Support your right to haul water.

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Mail a signed personal letter to Assemblyman Obernolte supporting AB 366 and 367, to reinstate your right to have water brought to your property by a licensed hauler from a certified source. We may need to write in support again as the bill travels through legislative channels and byways.

Here’s the info his office sent about the bills, in case you did not see it :​ Last year, the Governor signed into law Senate Bill 1263, which prohibits the permitting of a single home or cabin where the source of water supply is hauled water. That bill was retroactive in nature, ultimately rendering the land worthless by taking away California landowners’ ability to build on land located in areas without adequate water infrastructure. Assembly Bill 366 would exempt property owners of existing parcels from this law and allow them to build on their property, even if legally obtained hauled water is the listed source of water.

“This bill [AB 366] is vital to protect those property owners who purchased land before the provisions in SB 1263  take effect. My constituents and other rural Californians should have the right to build a home on their own land,” said Assemblyman Obernolte. “It’s unreasonable for the state to punish these landowners for having property that isn’t connected to a municipal water system.”

Assemblyman Obernolte also introduced AB 367 which focuses specifically on ensuring a home destroyed by fire is allowed to be rebuilt.
“Last year my district was devastated by the Blue Cut Fire,” Assemblyman Obernolte said. “This bill is crucial to allow homeowners who rely on hauled water to rebuild their home if it is tragically destroyed by a fire.”

​Why write? THE BAN HURTS JOHNSON VALLEY. Denying building permits unless you drill a well discourages many newcomers from buying property at all. The increase in the number of wells drilled by current landowners was startling – a trend with unpredictable but possible ​adverse outcomes for the aquifer. And well owners are up the creek if well failure or power failure occurs. Who will bring water if water haulers are gone? The County? The State? The California Legislature? The prospect of piped-in water to a community so sparsely  ​populated and widely scattered has to be described as dim. Dividing astronomical bonded indebtedness among us has to be described as a dim prospect, also.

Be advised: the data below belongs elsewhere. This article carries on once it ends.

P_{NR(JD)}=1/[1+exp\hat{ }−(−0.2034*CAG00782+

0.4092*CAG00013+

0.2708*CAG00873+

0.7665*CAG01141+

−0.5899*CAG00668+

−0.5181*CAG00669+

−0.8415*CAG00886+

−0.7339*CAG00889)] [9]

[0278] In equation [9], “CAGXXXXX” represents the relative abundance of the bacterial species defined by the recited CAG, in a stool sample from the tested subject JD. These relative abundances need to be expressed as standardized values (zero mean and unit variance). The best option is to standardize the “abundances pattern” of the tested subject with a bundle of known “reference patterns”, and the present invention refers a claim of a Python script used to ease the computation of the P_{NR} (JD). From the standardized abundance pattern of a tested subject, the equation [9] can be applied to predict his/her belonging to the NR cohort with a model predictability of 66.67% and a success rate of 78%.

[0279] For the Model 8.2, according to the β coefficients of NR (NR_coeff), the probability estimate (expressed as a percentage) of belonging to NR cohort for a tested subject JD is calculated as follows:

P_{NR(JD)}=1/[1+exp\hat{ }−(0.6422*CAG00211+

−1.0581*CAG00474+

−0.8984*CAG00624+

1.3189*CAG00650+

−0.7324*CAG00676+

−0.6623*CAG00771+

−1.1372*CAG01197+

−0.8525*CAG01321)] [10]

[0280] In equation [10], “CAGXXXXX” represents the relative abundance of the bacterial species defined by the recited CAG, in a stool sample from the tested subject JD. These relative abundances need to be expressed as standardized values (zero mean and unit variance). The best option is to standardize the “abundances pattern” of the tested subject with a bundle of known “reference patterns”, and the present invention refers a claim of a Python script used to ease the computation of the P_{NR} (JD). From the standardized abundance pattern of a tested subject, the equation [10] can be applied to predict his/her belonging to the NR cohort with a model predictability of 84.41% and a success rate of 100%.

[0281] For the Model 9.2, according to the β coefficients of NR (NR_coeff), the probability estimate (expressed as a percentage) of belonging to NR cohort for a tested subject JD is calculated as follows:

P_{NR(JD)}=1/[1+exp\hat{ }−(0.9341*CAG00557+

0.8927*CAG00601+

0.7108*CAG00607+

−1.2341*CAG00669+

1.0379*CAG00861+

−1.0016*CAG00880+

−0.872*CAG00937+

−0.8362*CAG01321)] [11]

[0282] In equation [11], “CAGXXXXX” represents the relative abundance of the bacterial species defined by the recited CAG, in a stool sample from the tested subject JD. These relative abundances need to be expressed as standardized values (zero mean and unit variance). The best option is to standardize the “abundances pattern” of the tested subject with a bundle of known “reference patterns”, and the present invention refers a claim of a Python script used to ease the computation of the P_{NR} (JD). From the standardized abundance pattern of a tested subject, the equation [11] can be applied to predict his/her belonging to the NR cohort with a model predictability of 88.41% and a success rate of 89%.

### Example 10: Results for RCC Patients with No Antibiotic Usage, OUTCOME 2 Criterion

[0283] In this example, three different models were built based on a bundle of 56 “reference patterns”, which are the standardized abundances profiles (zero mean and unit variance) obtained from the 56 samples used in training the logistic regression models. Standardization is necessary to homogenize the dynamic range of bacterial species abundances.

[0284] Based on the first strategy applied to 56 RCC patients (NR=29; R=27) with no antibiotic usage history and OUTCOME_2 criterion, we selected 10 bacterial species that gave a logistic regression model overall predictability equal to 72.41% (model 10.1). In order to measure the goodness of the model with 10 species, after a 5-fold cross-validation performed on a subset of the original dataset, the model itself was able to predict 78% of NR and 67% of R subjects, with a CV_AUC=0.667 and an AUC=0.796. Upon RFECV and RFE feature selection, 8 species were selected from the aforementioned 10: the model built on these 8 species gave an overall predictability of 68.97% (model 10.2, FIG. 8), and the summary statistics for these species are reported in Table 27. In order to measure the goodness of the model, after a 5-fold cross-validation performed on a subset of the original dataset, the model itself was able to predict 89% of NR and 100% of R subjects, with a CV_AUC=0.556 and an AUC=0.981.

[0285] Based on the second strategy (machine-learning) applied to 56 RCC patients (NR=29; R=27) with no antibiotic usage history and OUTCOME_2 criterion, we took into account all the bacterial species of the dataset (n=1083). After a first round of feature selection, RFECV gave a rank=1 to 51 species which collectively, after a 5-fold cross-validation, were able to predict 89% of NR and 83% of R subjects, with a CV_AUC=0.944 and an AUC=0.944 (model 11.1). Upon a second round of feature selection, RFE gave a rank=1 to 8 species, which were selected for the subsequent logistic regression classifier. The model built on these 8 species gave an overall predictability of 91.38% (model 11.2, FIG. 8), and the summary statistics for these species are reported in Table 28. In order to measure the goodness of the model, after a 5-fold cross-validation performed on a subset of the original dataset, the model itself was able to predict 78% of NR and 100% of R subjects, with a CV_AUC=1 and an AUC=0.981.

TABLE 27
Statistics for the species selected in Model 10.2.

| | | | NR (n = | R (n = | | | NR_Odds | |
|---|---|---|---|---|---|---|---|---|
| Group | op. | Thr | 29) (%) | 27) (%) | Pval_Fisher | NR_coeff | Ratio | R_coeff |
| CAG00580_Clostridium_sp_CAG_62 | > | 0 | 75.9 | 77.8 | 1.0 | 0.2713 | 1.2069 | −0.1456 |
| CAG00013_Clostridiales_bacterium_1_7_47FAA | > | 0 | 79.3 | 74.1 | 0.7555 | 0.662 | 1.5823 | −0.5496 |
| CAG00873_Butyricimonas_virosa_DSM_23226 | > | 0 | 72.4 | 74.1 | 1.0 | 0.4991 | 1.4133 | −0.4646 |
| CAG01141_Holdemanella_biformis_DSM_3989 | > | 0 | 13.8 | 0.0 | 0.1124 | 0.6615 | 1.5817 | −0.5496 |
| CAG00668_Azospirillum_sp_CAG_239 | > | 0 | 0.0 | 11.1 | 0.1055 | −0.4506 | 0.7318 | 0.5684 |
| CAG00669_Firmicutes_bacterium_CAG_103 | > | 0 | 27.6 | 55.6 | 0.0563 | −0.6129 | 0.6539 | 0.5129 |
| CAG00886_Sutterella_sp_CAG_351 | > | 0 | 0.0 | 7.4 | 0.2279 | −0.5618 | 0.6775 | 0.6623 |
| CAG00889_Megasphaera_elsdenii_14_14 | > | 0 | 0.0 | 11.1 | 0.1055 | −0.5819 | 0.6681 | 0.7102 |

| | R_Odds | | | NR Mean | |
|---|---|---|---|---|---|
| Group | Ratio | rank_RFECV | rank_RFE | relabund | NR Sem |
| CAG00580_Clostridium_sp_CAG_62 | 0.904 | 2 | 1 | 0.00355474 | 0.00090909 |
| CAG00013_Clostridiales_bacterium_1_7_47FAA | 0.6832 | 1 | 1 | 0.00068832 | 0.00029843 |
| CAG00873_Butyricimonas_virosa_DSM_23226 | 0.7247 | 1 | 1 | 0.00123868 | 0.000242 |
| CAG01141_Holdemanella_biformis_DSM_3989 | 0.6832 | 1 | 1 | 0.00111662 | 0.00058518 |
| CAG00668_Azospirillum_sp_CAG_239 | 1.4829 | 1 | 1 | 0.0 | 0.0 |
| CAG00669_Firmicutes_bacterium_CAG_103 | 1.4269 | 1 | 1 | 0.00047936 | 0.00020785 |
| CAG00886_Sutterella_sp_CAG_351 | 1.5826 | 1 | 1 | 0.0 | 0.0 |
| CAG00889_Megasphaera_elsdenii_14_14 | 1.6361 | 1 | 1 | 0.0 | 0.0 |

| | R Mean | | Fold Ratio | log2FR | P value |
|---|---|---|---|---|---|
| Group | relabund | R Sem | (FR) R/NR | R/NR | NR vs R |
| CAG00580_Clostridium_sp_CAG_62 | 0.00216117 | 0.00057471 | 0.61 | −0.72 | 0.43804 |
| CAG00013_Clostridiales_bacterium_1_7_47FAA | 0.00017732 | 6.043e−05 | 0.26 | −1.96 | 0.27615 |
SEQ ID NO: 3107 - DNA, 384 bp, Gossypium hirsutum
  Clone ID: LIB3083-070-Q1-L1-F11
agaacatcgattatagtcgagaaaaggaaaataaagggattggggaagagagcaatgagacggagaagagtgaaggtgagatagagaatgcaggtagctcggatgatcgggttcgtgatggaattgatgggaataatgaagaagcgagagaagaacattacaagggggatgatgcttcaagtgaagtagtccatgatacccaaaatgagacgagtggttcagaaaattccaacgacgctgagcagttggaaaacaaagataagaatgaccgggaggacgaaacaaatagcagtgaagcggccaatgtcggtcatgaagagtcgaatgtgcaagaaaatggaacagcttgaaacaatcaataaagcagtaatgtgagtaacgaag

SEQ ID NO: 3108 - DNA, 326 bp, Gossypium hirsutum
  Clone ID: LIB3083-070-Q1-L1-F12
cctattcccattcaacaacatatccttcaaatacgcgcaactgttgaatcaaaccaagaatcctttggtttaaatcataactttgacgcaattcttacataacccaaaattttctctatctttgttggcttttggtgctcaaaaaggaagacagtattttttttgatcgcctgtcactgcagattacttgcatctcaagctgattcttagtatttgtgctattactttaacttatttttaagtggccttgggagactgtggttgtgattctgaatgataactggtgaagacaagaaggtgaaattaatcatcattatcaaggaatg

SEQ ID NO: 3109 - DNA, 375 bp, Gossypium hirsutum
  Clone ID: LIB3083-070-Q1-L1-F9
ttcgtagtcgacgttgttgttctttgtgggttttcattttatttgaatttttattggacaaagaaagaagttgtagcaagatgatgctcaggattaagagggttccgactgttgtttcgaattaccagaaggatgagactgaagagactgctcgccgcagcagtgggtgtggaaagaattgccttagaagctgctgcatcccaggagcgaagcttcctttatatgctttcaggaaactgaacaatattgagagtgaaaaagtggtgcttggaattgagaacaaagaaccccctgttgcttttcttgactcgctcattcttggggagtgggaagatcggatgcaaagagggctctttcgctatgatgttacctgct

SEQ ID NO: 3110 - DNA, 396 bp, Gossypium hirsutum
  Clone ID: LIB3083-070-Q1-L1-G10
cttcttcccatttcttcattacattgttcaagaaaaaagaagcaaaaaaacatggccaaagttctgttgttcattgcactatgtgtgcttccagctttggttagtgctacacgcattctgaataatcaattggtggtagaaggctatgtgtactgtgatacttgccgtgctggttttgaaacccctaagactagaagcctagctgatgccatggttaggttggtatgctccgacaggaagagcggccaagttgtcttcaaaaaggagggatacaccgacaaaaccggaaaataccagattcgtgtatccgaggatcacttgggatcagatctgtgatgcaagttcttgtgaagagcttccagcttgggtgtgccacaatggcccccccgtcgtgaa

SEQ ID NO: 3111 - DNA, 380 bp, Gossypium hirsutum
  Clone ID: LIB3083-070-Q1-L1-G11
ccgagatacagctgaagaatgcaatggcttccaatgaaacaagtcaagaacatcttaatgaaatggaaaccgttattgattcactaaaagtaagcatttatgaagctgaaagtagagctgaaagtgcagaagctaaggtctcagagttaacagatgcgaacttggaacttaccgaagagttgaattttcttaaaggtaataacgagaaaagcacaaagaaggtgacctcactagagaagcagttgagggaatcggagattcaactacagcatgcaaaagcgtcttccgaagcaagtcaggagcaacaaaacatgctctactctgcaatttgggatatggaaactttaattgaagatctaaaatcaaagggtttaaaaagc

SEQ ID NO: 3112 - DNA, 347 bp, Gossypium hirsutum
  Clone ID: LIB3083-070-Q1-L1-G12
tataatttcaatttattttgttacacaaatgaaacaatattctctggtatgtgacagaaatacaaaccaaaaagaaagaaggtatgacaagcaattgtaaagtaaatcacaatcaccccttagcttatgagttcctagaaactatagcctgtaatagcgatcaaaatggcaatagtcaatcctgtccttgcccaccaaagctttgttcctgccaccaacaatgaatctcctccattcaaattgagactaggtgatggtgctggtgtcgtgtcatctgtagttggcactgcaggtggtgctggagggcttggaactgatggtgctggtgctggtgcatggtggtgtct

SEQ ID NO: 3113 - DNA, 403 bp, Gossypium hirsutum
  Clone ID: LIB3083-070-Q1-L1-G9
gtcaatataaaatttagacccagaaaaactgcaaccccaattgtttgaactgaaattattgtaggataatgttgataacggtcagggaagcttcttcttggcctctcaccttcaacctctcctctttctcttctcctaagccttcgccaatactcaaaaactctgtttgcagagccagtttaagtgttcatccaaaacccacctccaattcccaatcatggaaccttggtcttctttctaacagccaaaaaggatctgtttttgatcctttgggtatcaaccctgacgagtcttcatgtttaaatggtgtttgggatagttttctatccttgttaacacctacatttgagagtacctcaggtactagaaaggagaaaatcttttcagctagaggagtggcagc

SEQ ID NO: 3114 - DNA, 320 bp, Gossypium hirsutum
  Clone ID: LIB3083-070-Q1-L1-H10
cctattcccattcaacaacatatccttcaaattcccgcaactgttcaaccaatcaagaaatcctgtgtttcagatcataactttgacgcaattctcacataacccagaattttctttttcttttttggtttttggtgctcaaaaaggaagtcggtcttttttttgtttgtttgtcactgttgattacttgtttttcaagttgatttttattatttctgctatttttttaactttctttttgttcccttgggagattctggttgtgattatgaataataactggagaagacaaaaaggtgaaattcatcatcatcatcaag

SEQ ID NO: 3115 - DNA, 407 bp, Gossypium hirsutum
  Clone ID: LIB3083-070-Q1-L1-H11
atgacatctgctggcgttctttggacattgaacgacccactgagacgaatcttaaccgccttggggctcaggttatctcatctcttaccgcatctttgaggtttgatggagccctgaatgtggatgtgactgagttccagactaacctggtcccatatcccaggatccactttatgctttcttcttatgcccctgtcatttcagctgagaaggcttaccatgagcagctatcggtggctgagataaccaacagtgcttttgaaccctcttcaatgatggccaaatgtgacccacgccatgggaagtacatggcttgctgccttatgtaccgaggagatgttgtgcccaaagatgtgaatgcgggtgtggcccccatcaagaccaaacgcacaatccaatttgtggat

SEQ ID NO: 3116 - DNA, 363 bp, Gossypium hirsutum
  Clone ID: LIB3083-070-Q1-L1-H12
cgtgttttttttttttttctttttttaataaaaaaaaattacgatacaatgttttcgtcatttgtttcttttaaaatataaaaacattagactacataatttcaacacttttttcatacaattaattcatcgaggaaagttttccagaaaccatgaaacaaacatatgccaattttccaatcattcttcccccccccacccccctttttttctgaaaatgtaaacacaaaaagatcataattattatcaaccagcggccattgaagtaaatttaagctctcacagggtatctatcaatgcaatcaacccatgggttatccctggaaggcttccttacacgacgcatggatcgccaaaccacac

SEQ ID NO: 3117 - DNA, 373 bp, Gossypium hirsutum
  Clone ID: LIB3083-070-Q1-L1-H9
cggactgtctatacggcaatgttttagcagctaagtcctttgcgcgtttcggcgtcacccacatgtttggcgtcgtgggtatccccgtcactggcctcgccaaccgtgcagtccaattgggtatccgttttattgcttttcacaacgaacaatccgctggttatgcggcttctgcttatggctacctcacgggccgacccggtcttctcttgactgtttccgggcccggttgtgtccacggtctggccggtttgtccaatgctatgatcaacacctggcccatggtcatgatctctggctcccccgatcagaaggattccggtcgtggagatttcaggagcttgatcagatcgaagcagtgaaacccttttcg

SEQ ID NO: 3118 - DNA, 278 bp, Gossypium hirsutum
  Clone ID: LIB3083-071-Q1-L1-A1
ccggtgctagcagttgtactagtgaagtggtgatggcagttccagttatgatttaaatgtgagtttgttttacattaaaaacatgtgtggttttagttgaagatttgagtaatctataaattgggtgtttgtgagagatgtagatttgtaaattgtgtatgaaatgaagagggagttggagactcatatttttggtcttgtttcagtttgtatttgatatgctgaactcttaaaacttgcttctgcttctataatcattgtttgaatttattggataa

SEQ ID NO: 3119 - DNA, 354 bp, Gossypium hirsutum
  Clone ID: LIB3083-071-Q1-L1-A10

The “health reasons” often cited as the reason for banning hauled water won’t hold water, so to speak. Do town folks want to drive ​everyone out of the rural areas? What other motiv​es​ can you suggest for a ban so stupid and counter-productive in a State which encourages, no, requires us to conserve water? (Those who rely on hauled water are proven to be much more frugal in their use of water than well owners or those on a pipeline.)

Now that the formerly unwritten County ban is set down in writing by the State, every rural resident must get into this. So add your support to the letters for Obernolte now.

If you have a personal story of being denied a building permit, or a concern with what will happen to the value and/or sellability of your property, or what will happen when water haulers are all out of business, tell him!

Mail to:
Assemblyman Jay Obernolte,
State Capitol Office: Room 4116,
Sacramento, CA 94249.

By the way, if you have been denied a building permit or lost a prospect for buying your property because of this situation, let me know even if you have no written proof. I will forward the info to people ​to whom it may be useful.

Betty Munson

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